Can Direct Line Insurance Group PLC Make £1 Billion Profit?

direct line

Right now I’m looking at some of the most popular companies in the FTSE 100 to try and establish whether or not they have the potential to push profits up to levels not seen in the last few years.

Today I’m looking at Direct Line Insurance Group PLC (LSE: DLG) (NASDAQOTH: DIISF.US) — the company behind Churchill and roadside recovery organisation Green Flag, as well as the main Direct Line brand — to ascertain if it can make £1bn in profit.

Have we been here before?

A great place to start assessing whether or not Direct Line can make £1bn in profit is to look at the company’s historic performance. Unfortunately, Direct Line has never been able to make £1bn and unless the company can triple, or even quadruple in size over the next few years, it is going to struggle to reach this target.

Indeed, Direct Line’s net profit margin has averaged 5% during the past four years, based on this, I believe that Direct Line would have to achieve sales of £20bn to make net profit of £1bn. Sadly, Direct Line only reported sales of £3.9bn during 2013, a fall of 4% from 2012. 

But what about the future?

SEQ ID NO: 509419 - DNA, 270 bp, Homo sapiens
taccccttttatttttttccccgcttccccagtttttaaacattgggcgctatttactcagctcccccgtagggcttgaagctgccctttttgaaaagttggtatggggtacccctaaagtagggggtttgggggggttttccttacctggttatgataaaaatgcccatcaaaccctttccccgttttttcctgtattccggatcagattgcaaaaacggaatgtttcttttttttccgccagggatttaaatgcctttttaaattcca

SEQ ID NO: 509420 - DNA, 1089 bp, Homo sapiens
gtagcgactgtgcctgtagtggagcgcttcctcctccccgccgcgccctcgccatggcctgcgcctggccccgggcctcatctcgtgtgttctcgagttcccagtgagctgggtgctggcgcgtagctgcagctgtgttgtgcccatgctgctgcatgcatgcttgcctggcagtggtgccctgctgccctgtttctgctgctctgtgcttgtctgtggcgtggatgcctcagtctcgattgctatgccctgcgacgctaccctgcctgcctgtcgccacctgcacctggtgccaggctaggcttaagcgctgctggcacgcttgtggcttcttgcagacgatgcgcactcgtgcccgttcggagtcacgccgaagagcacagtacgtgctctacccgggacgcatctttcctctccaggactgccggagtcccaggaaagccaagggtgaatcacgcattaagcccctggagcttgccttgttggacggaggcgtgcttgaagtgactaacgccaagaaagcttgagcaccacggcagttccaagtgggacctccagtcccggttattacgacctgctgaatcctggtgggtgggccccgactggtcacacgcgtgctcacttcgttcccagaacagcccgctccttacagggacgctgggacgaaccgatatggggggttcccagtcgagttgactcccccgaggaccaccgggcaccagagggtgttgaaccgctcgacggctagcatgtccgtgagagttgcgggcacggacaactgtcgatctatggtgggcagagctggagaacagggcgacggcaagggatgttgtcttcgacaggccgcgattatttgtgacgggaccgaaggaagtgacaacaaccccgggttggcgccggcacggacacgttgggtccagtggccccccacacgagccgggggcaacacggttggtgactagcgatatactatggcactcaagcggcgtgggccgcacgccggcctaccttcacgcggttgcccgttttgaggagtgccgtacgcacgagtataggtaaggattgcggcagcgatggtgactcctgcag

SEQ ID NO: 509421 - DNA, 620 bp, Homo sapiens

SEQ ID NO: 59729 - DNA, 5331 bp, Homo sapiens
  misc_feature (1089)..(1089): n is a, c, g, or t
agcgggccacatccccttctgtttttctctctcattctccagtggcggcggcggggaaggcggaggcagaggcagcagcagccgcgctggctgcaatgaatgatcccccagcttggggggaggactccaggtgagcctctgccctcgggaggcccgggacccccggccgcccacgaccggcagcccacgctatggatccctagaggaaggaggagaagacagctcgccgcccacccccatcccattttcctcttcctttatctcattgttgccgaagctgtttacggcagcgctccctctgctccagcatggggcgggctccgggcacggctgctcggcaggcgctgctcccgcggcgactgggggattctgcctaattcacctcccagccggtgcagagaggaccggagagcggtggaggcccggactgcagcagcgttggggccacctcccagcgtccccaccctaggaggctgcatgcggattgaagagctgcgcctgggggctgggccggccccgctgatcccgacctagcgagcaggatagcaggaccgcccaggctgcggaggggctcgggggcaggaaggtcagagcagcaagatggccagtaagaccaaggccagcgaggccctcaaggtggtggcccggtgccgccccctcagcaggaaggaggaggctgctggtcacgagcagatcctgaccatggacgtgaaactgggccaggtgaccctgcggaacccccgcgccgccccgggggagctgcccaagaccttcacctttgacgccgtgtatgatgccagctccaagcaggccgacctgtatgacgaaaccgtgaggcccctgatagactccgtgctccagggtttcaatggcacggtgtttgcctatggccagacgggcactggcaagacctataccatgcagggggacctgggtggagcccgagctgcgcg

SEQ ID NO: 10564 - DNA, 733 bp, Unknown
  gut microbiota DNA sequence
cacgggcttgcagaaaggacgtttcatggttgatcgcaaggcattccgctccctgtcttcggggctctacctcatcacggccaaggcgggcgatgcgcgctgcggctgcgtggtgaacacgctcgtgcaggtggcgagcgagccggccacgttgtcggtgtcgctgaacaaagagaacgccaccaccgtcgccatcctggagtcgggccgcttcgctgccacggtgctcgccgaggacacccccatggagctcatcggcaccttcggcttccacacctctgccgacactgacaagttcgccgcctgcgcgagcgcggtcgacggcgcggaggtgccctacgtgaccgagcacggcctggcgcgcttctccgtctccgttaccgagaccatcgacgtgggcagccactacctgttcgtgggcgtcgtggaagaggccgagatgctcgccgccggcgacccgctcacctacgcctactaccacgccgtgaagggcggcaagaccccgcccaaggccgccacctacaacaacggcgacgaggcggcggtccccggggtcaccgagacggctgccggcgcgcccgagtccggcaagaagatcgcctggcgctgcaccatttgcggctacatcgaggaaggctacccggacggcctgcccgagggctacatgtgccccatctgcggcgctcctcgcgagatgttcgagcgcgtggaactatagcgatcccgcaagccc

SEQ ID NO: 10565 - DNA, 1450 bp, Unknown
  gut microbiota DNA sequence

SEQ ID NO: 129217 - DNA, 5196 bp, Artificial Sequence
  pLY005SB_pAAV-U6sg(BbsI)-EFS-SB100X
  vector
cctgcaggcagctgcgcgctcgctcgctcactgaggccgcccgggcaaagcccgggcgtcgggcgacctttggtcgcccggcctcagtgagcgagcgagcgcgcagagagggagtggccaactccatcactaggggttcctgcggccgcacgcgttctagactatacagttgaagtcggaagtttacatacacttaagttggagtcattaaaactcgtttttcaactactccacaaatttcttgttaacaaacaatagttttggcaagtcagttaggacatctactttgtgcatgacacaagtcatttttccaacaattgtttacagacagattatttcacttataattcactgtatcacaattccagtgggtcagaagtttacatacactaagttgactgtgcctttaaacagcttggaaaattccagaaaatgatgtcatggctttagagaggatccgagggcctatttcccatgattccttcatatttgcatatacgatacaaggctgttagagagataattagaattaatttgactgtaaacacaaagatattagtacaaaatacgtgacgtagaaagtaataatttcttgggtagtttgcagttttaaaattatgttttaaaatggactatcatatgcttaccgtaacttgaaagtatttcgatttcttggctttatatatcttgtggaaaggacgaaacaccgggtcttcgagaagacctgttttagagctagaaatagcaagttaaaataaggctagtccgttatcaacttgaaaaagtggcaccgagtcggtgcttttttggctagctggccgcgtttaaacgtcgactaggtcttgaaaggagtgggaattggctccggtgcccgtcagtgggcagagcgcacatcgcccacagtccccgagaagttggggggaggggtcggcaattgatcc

As mentioned above, Direct Line would have to quadruple revenue in order to reach my profit target based on historic profit margin figures. 

However, it is unlikely that Direct Line will be able to achieve this growth or profitability since the company struggles to compete within the UK’s highly competitive insurance industry, where aggressive price wars have led to premium deflation. Essentially, this means that the average insurance premium consumers are being asked to pay is declining as companies undercut each other to try and drive sales — although the volume of claims has not declined. 

In addition, there are a number of other factors working against Direct Line. For example, Direct Line writes 85% of its business within the UK, so the company is highly dependent upon the health of the UK economy. The company has set aside £100m to cover weather-related claims for this year.

What’s more, the motor insurance industry remains under investigation by the Competition Commission, which has received complaints from consumer watchdogs that inefficient competition within the industry was increasing motor insurance premiums for customers.

Finally, Direct Line relies heavily upon the performance of its investment portfolio to bolster returns. Indeed, as the stock market has surged higher over the past few years, Direct Line has reaped the benefits. Still, some City analysts believe that the market’s winning streak could be coming to an end, which would dent Direct Line’s profitability.

Actually, it would appear that this downbeat outlook has been factored into current City estimates for Direct Line’s performance during the next two years. Specifically, City analysts currently predict that Direct Line’s earnings per share will remain constant until 2015. 

Foolish summary

So overall, I feel that Direct Line cannot make £1bn profit. 

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In the meantime, please stay tuned for my next verdict.

Rupert does not own any share mentioned within this article.